Writing a Persuasive Essay You are going to compose a persuasive essay on an approved subject of your choice. Your essay will demonstrate elements of persuasion, rhetoric, and style that we have been studying.
This persuasive speech has Two Elements: Writing the speech and Analyzing your audience. Below, you will find the Rubric for these separate components. ALL work that you do for this project must be submitted. Therefore, do not lose this sheet! The Final Draft should be typed and in MLA Format.
Due Date: _____________________________
Essay demonstrates thorough understanding of audience /5
Total for Typed Speech: /75 B. Audience Analysis (Attached to Final Draft)
Appropriate description of Demographics /5
Appropriate description of Experience /5
Appropriate description of Purpose /5
Appropriate description of Adaptation /10
Total for Audience Analysis: / 25
Total for the Project: Final Draft ____ + Analysis ____ = _____ / 100 Prewriting 1. Brainstorm subjects with a partner or in a group. Pick two of them and briefly write a “Marathon Speech” on it. A Marathon Speech is simply a quick speech using what you already know about the topic to persuade others.
2. Select your one subject to develop into a persuasive speech.
Write your Position below. What do you want to persuade the audience to think and do?
Circle and brainstorm ideas in your journal/ warm-up to support your argument. Select your best 3 or 4 arguments.
Use the chart below to develop your ideas to address all of the 3 rhetorical appeals.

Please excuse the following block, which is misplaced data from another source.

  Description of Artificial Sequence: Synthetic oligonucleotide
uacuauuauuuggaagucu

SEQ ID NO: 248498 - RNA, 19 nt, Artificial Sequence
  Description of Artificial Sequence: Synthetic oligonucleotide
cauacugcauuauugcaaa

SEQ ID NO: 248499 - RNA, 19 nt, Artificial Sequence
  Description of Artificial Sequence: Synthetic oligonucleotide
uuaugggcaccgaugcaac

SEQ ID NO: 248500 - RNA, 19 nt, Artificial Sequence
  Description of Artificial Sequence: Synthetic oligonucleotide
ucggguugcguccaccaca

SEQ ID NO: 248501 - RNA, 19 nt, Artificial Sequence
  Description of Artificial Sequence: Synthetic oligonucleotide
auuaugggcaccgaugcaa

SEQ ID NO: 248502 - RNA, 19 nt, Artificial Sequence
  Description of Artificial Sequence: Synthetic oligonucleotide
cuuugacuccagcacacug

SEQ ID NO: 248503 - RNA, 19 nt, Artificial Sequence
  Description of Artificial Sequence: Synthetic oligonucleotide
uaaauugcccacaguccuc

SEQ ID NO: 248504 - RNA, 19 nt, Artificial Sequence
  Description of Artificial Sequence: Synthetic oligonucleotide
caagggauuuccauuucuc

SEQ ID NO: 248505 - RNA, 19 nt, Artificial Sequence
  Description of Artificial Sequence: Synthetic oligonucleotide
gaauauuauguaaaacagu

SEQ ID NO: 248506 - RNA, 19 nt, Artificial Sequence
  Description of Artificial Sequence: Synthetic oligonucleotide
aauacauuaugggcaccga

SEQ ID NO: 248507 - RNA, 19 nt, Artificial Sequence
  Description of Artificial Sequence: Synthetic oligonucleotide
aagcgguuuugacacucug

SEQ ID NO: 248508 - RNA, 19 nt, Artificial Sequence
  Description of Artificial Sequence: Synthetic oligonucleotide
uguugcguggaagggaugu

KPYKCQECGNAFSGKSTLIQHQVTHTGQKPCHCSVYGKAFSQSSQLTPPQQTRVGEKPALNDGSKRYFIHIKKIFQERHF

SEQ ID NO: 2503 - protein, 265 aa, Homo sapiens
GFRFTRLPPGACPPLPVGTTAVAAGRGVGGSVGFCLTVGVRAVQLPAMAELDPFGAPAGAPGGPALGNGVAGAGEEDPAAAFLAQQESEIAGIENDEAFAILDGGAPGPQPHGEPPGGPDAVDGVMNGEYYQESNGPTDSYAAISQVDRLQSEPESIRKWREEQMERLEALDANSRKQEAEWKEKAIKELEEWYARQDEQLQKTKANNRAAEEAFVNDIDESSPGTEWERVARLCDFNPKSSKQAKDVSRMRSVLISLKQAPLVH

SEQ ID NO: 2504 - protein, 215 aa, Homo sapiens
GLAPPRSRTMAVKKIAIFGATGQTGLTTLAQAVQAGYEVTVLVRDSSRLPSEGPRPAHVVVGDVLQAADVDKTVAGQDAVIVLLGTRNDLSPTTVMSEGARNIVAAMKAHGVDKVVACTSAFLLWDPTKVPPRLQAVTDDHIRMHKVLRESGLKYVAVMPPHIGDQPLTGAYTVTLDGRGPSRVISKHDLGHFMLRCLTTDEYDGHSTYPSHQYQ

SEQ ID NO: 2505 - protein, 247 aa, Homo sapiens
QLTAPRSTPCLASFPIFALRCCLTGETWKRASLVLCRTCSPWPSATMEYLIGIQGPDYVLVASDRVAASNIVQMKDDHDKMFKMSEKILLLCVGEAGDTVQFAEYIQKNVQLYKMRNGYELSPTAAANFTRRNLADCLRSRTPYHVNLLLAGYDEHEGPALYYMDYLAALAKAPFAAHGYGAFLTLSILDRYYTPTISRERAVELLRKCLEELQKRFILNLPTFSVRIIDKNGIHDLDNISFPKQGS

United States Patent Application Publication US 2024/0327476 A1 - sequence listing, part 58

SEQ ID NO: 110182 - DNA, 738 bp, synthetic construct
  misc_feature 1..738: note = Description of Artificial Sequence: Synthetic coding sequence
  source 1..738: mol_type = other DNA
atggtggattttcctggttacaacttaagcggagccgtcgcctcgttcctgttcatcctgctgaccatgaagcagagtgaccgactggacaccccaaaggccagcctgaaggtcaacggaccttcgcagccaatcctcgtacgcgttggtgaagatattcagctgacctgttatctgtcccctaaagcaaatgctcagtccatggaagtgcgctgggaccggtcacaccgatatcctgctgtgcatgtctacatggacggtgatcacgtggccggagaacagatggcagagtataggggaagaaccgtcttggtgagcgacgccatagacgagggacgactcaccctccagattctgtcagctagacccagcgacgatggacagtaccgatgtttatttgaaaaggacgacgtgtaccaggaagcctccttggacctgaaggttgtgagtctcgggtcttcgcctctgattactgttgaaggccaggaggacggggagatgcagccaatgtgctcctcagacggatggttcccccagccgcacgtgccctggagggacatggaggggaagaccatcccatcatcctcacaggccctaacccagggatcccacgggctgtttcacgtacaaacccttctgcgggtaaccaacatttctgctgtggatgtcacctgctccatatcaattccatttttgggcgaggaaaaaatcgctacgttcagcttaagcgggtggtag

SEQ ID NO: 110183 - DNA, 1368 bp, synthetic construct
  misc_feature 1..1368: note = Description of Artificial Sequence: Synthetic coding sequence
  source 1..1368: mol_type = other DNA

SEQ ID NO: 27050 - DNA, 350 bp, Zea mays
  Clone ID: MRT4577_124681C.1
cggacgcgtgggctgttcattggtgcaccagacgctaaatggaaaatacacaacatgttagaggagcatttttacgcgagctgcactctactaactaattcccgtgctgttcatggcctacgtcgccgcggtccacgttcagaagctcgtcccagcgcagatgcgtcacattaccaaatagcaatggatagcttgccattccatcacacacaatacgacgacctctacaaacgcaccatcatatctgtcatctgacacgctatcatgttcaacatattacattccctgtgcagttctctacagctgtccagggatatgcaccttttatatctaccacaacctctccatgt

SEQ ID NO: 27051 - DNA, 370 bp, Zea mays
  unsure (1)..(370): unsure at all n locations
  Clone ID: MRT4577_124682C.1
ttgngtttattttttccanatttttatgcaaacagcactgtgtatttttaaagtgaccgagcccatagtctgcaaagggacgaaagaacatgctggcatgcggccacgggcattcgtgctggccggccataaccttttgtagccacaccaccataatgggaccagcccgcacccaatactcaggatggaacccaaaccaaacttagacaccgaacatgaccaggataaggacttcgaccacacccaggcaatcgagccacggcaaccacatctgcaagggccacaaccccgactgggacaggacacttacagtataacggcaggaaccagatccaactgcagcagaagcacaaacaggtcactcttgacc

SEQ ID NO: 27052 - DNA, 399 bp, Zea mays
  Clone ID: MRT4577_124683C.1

* While you are merely brainstorming, you can use your premises and arguments. Later, you will supplement it with research from Internet articles or a book.
3. Audience Analysis: Write a paragraph or two describing your intended audience. This paragraph must be attached to your final draft. Answer the following:
What is the age group, gender, type of residence, area of residence, political preferences, etc. of your audience?
How much knowledge, experience, or training you can expect in your readers on this topic? Are these people for whom you must define terms or are they educated? How will this impact the way you approach your arguments & writing techniques?
Ex. If your audience is a group of college professors, defining simple terms may insult them. Another example is if you are writing for students who are younger than you, if you do not define terms, you may alienate them.
Imagine how readers will want to use your document; what will they demand from it? What is the intended purpose of this document? To Inform? To Persuade? What feelings might you want your audience to feel? What do you want your audience to go out and do?
What are some ways you might be able to adapt this speech for a different audience? How? Pick one variable to change: what would you do differently?
Ex. A speech about abortion whose intended audience is Female might adapt their speech to a Male audience.
4. Opposing Sides: What are the opposing arguments for this issue? It is a sign of strength to acknowledge the other side of argument. List as many opposing arguments as you can below:
5. Rhetorical & Syntactical Elements: We have studied several rhetorical strategies including the ones below. Select at least 4besides Rhetorical Question to build into your speech. Label these in your Final.